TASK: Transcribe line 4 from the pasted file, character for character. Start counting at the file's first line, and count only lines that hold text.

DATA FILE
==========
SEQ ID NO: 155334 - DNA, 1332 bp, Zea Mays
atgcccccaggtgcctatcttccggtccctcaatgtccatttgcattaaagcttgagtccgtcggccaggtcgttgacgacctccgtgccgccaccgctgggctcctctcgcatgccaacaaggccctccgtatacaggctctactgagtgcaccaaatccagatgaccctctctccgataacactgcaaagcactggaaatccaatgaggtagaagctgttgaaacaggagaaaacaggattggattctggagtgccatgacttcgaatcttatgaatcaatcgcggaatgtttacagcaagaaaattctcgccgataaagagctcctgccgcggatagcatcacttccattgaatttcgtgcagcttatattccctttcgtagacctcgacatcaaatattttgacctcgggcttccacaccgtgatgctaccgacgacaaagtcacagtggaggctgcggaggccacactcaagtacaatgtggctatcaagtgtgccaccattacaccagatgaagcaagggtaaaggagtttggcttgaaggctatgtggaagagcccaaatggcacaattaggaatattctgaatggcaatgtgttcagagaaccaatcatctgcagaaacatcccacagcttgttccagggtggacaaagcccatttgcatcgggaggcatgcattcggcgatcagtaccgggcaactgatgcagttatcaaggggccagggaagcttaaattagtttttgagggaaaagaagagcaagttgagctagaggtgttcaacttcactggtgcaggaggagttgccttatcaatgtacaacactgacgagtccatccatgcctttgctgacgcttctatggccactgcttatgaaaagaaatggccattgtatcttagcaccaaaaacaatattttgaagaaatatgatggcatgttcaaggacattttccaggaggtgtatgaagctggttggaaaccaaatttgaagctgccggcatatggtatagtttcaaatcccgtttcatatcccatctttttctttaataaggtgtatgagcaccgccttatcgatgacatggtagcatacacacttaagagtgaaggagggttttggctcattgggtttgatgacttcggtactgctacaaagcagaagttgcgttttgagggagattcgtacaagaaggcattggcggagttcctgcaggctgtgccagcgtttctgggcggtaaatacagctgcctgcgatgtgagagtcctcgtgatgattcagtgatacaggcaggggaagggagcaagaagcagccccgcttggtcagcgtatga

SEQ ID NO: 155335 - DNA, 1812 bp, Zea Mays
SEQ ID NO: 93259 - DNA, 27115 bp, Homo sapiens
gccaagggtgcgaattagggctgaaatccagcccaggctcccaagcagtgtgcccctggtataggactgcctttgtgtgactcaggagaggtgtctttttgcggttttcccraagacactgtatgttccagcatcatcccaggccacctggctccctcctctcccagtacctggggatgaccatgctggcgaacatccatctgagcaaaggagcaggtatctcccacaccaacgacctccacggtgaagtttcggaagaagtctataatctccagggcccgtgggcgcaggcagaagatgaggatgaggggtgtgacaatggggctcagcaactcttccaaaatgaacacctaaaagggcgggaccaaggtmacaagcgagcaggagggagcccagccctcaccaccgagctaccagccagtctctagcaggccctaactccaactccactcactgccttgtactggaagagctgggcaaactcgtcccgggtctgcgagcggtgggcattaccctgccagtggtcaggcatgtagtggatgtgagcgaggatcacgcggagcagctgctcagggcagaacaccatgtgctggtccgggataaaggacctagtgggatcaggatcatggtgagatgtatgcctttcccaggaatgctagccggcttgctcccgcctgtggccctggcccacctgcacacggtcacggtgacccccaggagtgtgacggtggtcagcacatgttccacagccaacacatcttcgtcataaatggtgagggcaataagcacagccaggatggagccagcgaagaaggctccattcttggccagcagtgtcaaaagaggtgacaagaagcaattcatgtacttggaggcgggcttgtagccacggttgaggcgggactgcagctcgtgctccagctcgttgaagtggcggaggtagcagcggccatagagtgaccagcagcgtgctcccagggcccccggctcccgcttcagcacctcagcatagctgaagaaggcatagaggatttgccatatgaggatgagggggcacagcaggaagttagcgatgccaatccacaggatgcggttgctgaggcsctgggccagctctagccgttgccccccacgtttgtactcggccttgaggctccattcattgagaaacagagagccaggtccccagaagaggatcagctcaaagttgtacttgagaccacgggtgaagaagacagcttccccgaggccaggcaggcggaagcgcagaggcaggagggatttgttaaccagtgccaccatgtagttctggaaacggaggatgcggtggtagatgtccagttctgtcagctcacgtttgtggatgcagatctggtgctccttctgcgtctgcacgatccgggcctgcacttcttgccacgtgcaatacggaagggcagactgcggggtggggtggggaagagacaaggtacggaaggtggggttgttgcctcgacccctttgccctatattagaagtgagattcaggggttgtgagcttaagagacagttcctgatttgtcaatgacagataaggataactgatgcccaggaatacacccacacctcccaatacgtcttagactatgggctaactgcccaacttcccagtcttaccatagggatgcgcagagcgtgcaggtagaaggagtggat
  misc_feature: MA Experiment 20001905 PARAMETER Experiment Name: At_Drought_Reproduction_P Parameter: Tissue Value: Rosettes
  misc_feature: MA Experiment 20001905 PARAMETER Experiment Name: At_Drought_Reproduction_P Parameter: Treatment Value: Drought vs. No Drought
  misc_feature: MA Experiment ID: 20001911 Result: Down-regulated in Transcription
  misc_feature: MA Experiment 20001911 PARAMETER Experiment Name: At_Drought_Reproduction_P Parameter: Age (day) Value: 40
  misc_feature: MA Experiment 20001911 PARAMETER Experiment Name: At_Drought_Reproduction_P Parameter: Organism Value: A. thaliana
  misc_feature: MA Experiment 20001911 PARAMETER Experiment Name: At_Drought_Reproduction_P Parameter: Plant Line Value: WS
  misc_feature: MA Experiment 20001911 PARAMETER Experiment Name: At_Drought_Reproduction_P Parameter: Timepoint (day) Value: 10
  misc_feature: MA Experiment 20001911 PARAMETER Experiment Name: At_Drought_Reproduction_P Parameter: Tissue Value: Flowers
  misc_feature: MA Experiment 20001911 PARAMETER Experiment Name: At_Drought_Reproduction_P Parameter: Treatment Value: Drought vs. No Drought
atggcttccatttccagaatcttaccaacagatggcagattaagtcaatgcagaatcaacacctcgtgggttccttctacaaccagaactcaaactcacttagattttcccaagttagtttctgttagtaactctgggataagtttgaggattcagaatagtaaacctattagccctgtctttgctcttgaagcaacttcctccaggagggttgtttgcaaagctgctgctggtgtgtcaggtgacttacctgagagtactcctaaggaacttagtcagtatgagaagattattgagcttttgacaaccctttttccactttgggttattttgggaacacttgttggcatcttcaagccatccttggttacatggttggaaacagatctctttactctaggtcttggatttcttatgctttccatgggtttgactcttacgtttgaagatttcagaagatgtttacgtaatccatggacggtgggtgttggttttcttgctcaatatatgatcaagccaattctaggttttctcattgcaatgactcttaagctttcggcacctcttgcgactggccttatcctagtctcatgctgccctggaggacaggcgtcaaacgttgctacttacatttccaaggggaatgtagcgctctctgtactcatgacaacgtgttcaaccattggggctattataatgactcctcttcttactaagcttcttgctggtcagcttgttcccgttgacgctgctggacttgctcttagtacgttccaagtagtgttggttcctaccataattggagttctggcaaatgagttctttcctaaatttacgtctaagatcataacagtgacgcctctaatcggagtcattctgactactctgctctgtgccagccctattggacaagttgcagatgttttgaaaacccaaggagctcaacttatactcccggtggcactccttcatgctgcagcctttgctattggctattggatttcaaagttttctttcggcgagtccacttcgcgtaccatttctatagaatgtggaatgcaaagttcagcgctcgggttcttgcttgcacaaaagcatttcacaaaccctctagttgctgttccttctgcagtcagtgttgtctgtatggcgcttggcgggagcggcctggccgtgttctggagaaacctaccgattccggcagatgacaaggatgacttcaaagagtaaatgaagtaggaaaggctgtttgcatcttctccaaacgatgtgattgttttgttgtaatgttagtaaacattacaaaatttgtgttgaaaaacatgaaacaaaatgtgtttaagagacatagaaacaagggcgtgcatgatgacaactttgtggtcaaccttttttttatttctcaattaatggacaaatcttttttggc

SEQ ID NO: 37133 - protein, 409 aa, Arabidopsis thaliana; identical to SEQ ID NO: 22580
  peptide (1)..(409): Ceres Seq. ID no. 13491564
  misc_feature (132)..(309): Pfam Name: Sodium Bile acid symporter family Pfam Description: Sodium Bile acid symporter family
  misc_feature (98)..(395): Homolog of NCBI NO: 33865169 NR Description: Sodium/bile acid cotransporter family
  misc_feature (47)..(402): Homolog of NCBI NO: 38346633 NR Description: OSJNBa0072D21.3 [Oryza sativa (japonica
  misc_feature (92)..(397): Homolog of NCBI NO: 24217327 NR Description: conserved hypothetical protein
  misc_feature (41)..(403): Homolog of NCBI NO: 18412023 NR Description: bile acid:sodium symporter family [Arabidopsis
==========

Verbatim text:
SEQ ID NO: 93259 - DNA, 27115 bp, Homo sapiens